Evgeny Prigozhin doesn’t seem worried about being the target of new sanctions announced Thursday by the U.S. Treasury Department, which accused him of helping run an online operation aimed at meddling in the U.S. 2016 presidential election.
The man known as “Putin’s Chef,” thanks to his background in the food service industry, said all it means is that he’ll just have to stop eating at McDonald’s.
“I have no business in the U.S. or with Americans,” Prigozhin said Thursday, according to Russian state-controlled outlet RIA Novosti. “It doesn’t bother me. Except now I’ll stop going to McDonald’s.”
Prigozhin is widely considered a close confidant to President Vladimir Putin and has also been linked to high-stakes Russian military initiatives in Eastern Ukraine and Syria. The Treasury Department has previously said “Prigozhin has extensive business dealings” with the Russian Ministry of Defense. Prigozhin has helped build a military base on Ukraine’s border and run a private operation to secure oil infrastructure in Syria, where Russia also has a large official military presence, according to details laid out in U.S. sanctions.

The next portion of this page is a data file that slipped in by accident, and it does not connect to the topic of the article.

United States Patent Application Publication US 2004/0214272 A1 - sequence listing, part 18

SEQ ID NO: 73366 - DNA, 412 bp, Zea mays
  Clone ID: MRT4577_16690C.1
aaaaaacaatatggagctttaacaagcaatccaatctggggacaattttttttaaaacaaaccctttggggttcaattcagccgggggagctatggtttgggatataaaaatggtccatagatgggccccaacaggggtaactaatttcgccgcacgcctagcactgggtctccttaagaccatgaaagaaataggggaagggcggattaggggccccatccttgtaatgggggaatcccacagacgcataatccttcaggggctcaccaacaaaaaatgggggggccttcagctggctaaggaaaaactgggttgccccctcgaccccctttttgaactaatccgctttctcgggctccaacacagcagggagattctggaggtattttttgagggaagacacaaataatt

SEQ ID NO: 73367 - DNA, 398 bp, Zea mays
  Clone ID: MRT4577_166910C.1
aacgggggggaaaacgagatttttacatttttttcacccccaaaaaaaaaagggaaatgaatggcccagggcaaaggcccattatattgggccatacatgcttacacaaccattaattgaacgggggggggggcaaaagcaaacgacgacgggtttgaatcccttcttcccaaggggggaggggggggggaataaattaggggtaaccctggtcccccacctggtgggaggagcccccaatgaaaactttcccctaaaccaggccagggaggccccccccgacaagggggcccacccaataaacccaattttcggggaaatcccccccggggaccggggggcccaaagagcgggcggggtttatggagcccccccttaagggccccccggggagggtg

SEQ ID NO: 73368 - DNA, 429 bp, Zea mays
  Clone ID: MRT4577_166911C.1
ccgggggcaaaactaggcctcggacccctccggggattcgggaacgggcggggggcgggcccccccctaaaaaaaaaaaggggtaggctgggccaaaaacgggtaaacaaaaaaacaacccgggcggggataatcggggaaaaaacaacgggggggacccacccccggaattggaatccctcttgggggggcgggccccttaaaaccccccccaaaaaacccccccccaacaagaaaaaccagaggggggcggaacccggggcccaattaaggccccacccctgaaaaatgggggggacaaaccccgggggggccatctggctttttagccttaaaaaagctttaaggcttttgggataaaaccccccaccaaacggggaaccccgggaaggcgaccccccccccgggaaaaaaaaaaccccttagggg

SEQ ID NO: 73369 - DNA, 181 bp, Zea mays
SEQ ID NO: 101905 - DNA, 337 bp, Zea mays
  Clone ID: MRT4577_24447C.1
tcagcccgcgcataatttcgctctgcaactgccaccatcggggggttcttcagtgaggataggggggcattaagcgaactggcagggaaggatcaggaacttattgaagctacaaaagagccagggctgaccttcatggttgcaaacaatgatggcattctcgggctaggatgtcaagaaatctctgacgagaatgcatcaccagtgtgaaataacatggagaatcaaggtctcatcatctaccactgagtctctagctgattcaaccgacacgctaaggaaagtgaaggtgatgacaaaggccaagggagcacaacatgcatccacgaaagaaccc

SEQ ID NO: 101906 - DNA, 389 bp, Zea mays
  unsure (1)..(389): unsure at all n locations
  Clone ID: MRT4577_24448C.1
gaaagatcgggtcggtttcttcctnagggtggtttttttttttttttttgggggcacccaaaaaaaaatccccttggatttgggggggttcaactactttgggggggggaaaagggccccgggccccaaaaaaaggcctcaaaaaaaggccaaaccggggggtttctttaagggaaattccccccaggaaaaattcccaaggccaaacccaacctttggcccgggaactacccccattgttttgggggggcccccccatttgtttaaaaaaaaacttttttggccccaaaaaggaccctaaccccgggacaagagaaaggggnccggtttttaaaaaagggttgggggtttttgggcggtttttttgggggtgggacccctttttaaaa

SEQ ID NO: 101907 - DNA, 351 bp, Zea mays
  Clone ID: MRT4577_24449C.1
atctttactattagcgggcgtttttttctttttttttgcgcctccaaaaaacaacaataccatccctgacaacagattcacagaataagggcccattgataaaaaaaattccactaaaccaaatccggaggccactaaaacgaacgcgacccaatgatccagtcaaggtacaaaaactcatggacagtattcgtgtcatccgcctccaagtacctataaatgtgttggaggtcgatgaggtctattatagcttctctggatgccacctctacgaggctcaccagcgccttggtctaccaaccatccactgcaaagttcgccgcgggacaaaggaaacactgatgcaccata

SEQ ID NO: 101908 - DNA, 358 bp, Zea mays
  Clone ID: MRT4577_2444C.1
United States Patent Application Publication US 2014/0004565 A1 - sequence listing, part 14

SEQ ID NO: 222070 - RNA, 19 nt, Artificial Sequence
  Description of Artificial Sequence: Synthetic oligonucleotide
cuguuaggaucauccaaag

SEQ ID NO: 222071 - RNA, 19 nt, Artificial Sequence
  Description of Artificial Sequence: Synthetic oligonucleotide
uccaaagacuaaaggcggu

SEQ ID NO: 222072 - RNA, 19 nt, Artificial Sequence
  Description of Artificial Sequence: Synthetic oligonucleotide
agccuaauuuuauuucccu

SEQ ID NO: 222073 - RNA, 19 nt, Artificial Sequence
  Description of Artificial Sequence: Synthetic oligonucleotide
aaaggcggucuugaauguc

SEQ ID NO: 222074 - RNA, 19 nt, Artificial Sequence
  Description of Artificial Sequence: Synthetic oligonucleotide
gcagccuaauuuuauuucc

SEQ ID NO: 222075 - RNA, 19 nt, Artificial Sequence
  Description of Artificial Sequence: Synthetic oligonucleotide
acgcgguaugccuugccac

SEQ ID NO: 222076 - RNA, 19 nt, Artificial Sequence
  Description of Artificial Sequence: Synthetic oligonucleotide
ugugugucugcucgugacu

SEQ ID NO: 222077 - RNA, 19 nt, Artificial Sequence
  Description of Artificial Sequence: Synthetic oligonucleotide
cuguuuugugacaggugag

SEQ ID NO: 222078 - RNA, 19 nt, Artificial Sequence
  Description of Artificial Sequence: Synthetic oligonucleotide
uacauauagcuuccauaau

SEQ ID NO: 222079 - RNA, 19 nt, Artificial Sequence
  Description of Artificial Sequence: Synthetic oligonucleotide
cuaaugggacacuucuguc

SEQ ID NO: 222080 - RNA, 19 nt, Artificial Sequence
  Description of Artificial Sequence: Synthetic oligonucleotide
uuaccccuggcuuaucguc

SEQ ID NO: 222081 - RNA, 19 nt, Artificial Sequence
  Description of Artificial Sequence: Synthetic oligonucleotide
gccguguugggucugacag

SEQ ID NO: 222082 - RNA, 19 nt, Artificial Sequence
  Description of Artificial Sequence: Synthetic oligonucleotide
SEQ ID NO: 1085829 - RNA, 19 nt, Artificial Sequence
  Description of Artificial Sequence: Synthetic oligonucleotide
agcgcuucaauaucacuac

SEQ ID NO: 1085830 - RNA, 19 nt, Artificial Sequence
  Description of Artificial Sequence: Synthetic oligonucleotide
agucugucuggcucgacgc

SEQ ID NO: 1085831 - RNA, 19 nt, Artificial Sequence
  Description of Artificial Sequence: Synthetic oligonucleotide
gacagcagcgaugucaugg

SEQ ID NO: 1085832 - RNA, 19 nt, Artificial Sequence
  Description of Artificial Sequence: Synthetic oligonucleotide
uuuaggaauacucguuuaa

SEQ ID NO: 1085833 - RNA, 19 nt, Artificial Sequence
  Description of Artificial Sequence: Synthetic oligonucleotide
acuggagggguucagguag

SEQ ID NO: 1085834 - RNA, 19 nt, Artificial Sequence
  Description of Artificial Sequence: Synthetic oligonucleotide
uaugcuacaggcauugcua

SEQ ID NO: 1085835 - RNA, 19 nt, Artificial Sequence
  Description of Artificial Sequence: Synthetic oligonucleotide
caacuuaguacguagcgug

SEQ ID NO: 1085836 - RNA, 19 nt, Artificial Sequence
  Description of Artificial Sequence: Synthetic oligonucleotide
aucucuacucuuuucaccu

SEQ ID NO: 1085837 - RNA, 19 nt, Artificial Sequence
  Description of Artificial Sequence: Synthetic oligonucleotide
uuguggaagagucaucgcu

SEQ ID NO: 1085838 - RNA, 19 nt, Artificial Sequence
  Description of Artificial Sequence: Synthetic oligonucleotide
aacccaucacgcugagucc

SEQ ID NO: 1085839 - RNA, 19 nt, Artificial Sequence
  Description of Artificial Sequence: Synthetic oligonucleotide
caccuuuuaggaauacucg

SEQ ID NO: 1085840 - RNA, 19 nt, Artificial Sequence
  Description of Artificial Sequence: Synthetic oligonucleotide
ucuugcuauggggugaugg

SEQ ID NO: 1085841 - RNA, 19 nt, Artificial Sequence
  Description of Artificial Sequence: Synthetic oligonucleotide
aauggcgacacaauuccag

Prigozhin along with 12 other Russian citizens were indicted by U.S. special counsel Robert Mueller in February for allegedly running a sophisticated online effort to meddle in the U.S. election and support the campaign of U.S. President Donald Trump.
Cover image: In this Friday, Nov. 11, 2011 file photo, businessman Yevgeny Prigozhin, left, serves food to Russian Prime Minister Vladimir Putin, center, during dinner at Prigozhin's restaurant outside Moscow, Russia. (AP Photo/Misha Japaridze, Pool, File)